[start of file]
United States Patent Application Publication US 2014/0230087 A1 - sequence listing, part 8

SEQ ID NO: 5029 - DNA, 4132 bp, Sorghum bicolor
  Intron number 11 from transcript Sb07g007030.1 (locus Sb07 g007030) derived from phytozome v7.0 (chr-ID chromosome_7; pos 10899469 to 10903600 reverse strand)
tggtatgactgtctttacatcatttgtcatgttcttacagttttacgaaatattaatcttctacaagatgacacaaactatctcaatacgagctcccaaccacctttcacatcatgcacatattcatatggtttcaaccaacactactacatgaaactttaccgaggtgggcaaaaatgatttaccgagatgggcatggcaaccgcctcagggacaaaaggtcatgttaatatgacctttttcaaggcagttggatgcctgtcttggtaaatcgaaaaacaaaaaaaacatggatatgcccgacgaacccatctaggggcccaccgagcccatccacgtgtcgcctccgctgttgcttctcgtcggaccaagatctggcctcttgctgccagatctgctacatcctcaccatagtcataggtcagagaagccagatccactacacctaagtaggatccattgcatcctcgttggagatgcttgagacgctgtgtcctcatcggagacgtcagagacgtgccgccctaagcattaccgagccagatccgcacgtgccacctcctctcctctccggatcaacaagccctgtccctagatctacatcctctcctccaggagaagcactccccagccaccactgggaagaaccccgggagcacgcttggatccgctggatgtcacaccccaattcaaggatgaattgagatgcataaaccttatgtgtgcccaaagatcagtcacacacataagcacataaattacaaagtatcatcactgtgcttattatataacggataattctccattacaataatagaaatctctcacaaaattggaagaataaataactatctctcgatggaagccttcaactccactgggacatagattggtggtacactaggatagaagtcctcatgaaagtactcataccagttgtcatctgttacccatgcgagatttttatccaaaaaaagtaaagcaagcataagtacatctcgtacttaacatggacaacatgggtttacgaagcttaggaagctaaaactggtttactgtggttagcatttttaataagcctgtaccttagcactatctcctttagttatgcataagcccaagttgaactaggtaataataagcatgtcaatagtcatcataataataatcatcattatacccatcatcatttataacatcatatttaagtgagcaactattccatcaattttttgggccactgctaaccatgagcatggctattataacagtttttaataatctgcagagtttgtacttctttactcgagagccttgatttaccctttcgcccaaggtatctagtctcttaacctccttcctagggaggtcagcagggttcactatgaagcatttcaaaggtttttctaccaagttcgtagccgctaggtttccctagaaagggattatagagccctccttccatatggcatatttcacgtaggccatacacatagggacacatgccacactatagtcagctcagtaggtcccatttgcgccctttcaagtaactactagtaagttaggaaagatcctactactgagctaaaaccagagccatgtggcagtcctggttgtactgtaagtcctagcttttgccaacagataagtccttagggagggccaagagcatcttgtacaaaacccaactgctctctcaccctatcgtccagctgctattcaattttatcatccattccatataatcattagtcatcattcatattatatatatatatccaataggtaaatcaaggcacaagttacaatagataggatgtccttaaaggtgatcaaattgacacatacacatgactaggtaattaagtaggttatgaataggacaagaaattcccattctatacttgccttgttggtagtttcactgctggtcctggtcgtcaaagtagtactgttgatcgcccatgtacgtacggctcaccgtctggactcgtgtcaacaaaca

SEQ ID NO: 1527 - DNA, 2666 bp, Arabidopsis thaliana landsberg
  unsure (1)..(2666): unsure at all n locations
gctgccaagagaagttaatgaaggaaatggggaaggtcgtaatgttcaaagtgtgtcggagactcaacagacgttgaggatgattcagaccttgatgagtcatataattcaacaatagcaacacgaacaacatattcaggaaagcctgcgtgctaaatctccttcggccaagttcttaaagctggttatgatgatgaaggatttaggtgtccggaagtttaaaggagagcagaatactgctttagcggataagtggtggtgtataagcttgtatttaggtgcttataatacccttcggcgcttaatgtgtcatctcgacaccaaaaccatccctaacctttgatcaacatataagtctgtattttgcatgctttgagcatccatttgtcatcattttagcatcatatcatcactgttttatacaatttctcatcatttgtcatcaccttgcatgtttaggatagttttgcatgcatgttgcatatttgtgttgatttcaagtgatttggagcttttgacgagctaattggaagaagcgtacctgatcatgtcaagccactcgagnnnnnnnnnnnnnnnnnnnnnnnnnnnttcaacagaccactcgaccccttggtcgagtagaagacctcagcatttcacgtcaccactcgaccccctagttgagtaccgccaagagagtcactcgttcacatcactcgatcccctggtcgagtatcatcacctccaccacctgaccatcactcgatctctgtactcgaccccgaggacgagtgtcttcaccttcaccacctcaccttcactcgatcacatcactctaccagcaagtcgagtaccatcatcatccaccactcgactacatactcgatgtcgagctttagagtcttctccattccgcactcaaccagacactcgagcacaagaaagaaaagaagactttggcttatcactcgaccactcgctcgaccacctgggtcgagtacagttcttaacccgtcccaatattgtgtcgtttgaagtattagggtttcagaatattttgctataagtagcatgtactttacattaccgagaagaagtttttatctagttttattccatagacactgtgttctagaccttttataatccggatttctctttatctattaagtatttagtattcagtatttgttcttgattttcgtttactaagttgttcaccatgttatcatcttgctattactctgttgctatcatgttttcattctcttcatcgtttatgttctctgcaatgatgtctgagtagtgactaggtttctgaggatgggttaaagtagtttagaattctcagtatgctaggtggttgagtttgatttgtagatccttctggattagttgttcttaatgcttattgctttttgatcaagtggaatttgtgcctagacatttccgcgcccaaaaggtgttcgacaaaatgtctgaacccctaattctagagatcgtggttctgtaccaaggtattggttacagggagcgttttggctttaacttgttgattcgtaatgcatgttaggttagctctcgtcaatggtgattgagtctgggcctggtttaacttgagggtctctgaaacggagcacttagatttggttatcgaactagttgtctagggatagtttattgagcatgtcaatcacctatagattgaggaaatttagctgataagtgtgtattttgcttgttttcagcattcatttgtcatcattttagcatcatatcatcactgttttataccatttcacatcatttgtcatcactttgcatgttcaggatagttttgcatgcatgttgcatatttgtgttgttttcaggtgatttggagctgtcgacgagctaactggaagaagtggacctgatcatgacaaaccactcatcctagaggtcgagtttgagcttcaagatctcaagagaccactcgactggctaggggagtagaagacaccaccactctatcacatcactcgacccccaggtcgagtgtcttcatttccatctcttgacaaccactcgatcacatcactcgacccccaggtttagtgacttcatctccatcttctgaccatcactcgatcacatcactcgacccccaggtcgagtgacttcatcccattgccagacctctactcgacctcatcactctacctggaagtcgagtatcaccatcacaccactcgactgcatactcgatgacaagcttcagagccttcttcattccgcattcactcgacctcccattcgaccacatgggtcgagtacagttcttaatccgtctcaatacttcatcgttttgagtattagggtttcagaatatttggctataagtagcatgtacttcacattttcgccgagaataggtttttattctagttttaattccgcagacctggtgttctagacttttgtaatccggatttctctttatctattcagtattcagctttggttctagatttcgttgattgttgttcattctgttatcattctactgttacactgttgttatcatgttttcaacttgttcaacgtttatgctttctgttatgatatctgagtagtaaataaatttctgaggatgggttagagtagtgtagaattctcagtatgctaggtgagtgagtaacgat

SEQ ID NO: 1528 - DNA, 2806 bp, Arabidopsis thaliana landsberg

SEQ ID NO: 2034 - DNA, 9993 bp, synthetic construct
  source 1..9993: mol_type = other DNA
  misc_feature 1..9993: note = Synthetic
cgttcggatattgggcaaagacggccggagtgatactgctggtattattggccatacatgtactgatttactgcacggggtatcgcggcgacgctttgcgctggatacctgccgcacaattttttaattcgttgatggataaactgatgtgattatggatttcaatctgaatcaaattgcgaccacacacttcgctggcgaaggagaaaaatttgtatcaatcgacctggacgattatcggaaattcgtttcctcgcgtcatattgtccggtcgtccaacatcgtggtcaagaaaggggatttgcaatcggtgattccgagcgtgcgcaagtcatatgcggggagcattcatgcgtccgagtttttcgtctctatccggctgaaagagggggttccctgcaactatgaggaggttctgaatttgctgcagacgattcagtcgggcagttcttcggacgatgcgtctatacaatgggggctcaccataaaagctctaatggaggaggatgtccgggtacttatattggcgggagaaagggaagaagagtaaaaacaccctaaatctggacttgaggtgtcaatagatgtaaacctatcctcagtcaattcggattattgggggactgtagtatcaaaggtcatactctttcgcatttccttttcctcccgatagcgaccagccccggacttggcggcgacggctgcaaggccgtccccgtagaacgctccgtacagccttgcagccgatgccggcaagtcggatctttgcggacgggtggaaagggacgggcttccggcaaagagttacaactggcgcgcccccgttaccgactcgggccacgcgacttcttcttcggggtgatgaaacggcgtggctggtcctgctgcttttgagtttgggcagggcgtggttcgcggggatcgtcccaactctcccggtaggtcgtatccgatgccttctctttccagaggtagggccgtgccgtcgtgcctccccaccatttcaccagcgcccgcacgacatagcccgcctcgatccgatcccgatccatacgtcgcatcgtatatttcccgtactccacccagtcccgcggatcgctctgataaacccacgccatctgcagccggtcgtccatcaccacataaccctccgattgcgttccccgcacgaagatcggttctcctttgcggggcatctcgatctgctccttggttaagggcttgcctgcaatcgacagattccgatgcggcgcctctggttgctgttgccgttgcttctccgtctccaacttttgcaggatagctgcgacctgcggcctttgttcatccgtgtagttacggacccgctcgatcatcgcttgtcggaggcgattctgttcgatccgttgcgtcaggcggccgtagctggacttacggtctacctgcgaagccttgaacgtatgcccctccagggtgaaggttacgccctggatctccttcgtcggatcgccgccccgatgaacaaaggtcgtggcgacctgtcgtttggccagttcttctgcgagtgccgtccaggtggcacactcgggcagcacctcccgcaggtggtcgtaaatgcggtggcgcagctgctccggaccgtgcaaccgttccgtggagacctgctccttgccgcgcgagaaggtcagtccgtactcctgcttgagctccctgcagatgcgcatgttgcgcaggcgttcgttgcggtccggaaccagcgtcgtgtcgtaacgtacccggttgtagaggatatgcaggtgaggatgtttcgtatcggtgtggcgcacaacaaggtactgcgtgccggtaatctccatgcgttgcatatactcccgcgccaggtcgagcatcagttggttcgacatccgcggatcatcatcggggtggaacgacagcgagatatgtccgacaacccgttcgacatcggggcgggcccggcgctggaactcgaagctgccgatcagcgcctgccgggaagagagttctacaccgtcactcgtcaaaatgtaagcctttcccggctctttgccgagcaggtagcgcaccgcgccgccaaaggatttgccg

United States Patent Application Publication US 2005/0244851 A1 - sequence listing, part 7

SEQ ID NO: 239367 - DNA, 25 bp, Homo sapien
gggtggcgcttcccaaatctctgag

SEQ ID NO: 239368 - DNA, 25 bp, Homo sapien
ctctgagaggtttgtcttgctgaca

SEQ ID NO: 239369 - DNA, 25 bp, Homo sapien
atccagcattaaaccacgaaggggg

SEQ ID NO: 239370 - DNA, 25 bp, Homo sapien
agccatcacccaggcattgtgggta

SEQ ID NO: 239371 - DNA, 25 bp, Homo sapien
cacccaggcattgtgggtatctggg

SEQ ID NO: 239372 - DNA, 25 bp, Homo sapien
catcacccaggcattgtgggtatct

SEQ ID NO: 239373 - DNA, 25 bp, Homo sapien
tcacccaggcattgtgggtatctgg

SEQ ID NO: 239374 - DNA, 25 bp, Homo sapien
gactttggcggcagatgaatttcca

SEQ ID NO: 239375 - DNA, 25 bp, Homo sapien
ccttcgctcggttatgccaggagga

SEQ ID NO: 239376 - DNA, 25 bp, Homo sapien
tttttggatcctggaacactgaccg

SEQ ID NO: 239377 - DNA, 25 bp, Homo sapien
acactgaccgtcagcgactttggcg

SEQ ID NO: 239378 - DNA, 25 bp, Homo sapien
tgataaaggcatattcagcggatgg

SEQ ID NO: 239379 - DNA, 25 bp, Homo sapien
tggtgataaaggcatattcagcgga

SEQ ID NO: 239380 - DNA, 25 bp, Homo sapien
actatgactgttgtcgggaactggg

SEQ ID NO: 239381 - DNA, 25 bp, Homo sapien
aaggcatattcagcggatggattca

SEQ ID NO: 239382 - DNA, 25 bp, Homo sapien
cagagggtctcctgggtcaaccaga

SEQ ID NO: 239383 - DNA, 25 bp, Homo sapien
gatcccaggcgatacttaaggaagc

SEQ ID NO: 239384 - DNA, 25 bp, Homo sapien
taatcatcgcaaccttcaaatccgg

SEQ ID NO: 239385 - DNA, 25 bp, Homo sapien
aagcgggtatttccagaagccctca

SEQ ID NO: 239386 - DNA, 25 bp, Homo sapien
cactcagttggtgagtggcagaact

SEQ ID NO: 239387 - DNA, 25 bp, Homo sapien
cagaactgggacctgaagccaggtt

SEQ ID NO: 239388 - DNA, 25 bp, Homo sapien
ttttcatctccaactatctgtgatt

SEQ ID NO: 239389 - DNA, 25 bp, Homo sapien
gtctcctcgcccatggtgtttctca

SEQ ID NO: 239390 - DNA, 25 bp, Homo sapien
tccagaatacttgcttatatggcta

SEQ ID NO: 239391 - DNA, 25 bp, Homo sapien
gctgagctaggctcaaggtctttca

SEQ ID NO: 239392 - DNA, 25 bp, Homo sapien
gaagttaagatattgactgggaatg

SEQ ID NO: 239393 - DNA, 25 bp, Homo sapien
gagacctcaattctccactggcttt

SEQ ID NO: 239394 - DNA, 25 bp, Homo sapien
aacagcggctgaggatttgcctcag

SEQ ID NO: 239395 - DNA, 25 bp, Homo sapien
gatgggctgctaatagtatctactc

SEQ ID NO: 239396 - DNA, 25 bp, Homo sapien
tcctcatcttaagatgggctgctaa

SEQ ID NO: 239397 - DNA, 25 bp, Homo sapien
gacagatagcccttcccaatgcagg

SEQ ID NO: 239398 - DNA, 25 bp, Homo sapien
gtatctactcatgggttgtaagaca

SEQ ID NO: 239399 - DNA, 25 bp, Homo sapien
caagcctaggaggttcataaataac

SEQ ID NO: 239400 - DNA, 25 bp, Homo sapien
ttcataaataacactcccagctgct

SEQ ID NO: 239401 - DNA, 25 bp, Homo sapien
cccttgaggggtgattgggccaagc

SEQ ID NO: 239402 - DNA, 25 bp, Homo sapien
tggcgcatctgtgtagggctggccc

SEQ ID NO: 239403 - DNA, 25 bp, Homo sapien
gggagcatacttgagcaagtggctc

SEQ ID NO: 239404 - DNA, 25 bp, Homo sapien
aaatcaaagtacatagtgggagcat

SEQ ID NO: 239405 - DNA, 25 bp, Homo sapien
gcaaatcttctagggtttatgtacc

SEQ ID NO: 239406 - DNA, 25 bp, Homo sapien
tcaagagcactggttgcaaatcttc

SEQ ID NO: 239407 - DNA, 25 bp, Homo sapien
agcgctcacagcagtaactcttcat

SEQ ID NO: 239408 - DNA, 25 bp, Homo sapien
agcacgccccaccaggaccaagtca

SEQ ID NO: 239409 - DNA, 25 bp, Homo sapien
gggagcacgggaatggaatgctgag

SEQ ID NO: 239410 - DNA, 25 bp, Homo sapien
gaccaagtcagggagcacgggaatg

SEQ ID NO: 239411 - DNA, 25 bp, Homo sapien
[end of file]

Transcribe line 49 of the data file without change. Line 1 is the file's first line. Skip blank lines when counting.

taatcatcgcaaccttcaaatccgg